• Create a limited number of Opportunity Zone designationsso that the scarcity drives value and encourages competi
tion, but encourage each zone to be as large as possible.• Establish minimum qualiﬁcation standards based onpoverty levels, unemployment levels and other objectivemeasures indicating a distressed area.• Winning districts will be awarded an Opportunity Zonebased on the ability of local entrepreneurs to identifybarriers holding them back. These will vary marketto market.• Only those in the zone know best what is holding themback. There will be no one size ﬁts all. The following areissues we hear most often and represent a few examples:•
Local permitting process is to slow and cumbersome.
All building codes, regulations, restrictions, and requirementsshould be reviewed from the standpoint of whether they impedeeconomic growth.
Minimum wage laws prevent many unskilled and inexperienced
workers (i.e. teens) from getting their ﬁrst job and prices them
out of the market
• Zoning laws are outdated and hold back development • Prevailing wage laws unfairly restrict the supply of labor • There should be more tenant control of HUD properties• Access to contracts and capital is skewed towards big business• Incentives that are anti family should be repealed.• Help should be based on a “hand up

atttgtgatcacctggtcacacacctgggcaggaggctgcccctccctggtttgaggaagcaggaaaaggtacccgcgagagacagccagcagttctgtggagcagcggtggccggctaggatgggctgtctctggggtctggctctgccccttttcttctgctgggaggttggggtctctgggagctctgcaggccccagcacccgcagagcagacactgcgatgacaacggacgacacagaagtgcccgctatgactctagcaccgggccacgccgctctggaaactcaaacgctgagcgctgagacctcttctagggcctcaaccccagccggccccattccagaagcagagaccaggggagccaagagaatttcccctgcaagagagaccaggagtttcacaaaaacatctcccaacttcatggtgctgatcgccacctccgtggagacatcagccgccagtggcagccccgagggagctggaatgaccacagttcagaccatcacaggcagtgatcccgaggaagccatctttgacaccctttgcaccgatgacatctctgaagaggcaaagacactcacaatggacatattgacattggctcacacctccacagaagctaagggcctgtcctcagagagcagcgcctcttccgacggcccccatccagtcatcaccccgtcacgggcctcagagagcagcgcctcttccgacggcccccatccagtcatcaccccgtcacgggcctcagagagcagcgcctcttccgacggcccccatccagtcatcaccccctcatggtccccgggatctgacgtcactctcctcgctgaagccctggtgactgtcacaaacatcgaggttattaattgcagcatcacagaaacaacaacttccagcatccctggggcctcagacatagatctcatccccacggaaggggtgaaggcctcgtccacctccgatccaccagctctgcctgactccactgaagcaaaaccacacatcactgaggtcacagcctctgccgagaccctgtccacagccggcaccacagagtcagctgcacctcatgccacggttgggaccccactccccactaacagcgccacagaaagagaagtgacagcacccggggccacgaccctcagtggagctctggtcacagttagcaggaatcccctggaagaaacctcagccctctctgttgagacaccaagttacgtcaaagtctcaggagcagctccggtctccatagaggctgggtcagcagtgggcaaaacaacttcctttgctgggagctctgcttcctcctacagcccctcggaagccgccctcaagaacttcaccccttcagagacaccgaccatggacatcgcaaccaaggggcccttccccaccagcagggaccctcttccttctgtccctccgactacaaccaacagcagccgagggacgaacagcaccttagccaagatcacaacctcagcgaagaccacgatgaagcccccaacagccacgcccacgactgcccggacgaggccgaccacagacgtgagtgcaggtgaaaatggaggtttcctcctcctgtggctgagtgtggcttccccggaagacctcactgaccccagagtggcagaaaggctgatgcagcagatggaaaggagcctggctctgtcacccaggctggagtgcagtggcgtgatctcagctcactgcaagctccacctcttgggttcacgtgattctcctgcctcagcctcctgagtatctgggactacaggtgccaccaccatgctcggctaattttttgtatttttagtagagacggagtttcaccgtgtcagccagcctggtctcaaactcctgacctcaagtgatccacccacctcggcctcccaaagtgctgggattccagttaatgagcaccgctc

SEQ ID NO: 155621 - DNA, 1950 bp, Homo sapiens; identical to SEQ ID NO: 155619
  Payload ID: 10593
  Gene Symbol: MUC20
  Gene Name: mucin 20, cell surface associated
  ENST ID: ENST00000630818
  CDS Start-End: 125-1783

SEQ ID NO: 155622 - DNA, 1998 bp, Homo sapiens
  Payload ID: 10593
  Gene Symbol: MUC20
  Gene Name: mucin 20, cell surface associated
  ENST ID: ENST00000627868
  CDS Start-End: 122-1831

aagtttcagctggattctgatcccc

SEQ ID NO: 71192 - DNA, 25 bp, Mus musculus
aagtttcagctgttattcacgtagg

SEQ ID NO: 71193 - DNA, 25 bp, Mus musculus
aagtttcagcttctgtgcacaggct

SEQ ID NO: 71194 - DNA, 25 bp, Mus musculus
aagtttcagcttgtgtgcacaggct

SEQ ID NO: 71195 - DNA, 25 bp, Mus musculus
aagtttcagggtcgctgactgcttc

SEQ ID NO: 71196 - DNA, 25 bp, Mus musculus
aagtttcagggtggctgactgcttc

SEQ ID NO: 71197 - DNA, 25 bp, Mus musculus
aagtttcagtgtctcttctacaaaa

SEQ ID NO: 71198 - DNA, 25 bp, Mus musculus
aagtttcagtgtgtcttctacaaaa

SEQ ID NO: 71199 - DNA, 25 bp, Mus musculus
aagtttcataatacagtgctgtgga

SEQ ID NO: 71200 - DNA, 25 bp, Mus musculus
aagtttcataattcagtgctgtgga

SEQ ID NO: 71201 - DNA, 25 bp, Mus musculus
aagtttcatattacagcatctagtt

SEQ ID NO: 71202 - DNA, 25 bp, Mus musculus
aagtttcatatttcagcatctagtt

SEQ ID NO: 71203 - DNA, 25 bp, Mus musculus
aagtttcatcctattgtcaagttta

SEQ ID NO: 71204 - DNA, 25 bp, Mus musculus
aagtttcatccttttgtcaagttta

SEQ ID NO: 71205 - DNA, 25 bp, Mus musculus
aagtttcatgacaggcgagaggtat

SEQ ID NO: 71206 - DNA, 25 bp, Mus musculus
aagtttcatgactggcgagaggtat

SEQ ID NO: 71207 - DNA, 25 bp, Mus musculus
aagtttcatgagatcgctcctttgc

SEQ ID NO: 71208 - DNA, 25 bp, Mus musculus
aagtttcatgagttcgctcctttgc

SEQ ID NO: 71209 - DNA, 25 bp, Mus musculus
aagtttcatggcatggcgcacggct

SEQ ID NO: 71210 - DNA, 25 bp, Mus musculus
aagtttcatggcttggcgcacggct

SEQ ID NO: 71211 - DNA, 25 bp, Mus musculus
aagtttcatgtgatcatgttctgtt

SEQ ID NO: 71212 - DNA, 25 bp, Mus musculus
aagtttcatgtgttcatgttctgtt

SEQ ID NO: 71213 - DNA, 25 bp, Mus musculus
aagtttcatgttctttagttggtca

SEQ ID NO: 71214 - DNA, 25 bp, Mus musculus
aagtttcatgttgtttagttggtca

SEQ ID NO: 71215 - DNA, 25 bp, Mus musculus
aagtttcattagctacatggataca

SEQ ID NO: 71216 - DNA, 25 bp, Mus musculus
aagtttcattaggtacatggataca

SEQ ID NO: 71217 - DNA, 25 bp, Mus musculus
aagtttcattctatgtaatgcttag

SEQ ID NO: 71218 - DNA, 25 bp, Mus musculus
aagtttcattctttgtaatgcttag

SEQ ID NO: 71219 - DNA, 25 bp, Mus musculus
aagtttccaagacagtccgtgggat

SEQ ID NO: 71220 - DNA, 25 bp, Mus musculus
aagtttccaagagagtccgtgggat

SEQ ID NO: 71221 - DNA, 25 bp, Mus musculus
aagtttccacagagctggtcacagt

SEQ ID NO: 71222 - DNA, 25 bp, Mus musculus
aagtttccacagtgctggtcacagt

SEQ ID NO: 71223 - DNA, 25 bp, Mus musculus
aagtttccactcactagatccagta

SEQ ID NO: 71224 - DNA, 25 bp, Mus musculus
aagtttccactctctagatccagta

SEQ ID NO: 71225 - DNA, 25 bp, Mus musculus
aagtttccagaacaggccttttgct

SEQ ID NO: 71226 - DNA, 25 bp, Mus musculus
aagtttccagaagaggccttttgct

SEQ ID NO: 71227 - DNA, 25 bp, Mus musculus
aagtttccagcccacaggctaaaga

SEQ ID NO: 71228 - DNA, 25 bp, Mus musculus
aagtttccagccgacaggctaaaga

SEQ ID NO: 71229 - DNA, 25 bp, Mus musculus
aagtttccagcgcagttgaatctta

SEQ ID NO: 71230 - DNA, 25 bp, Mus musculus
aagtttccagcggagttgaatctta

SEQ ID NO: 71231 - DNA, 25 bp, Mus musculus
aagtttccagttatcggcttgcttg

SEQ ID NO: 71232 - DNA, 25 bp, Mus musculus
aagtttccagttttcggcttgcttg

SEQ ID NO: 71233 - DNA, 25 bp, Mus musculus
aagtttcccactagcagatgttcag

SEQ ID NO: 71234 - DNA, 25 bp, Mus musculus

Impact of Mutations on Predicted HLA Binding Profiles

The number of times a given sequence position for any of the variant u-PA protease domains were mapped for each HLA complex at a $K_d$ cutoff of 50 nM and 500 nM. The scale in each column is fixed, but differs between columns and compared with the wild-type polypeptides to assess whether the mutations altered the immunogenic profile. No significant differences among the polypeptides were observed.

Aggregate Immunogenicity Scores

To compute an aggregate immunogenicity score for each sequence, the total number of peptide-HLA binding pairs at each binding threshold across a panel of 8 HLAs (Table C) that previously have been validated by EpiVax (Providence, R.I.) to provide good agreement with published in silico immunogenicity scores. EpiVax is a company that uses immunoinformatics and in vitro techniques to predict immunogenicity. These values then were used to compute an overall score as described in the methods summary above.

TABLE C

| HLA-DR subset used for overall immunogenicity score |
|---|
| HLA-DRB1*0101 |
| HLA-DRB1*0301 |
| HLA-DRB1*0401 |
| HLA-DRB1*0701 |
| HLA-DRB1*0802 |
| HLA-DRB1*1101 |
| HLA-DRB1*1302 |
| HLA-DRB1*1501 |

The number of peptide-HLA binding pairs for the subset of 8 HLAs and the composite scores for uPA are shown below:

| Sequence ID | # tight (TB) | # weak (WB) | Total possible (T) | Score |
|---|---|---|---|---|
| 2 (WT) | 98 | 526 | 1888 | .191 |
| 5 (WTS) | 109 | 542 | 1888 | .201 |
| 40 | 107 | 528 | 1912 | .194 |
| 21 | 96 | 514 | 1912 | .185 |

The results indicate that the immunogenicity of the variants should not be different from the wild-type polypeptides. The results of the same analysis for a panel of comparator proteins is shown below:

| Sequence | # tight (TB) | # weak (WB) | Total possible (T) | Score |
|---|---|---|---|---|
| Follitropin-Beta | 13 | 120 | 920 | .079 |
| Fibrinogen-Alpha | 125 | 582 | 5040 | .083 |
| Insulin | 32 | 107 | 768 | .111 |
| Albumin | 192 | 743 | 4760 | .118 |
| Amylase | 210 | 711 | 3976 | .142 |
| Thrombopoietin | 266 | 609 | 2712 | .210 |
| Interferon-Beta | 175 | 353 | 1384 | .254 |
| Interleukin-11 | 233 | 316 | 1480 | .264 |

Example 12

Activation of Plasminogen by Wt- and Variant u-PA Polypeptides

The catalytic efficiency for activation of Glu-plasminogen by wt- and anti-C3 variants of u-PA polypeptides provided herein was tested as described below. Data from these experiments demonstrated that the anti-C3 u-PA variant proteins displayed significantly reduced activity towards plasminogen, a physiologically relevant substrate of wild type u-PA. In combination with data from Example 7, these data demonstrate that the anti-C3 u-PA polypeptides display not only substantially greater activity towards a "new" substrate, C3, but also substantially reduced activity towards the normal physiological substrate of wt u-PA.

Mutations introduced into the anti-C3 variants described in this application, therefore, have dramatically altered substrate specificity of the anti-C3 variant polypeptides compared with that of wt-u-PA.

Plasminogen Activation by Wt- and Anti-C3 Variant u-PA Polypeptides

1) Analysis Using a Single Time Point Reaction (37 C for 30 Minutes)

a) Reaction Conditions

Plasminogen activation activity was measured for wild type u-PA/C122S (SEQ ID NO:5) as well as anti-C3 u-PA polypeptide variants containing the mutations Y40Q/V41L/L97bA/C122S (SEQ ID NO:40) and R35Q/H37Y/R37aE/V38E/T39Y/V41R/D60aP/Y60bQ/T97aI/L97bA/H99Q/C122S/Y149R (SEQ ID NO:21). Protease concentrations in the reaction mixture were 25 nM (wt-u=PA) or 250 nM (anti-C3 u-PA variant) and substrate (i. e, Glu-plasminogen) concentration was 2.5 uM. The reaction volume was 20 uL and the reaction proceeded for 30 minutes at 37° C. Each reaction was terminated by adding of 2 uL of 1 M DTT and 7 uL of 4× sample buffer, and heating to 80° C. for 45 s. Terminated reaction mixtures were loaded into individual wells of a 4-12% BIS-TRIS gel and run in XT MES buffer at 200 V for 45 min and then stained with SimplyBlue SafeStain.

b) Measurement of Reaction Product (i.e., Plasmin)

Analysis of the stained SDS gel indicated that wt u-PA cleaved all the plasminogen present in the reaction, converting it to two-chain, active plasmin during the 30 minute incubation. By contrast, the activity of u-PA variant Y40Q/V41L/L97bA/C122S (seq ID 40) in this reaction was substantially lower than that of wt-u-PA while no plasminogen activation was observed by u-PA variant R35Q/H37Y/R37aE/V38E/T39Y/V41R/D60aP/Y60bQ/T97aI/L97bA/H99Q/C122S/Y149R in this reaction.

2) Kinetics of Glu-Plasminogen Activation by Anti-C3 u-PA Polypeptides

”,rather than a “hand out”
• Allow not just local governmental authorities but communitygroups, churches, and private sector associations, to submitplans indicating how barriers should be reduced andincentives increased to best suit their local circumstances.This empowers the community to take action withoutrelying on the establishment to take the ﬁrst step.
• Applicants should demonstrate visibility and localsupport of proposals.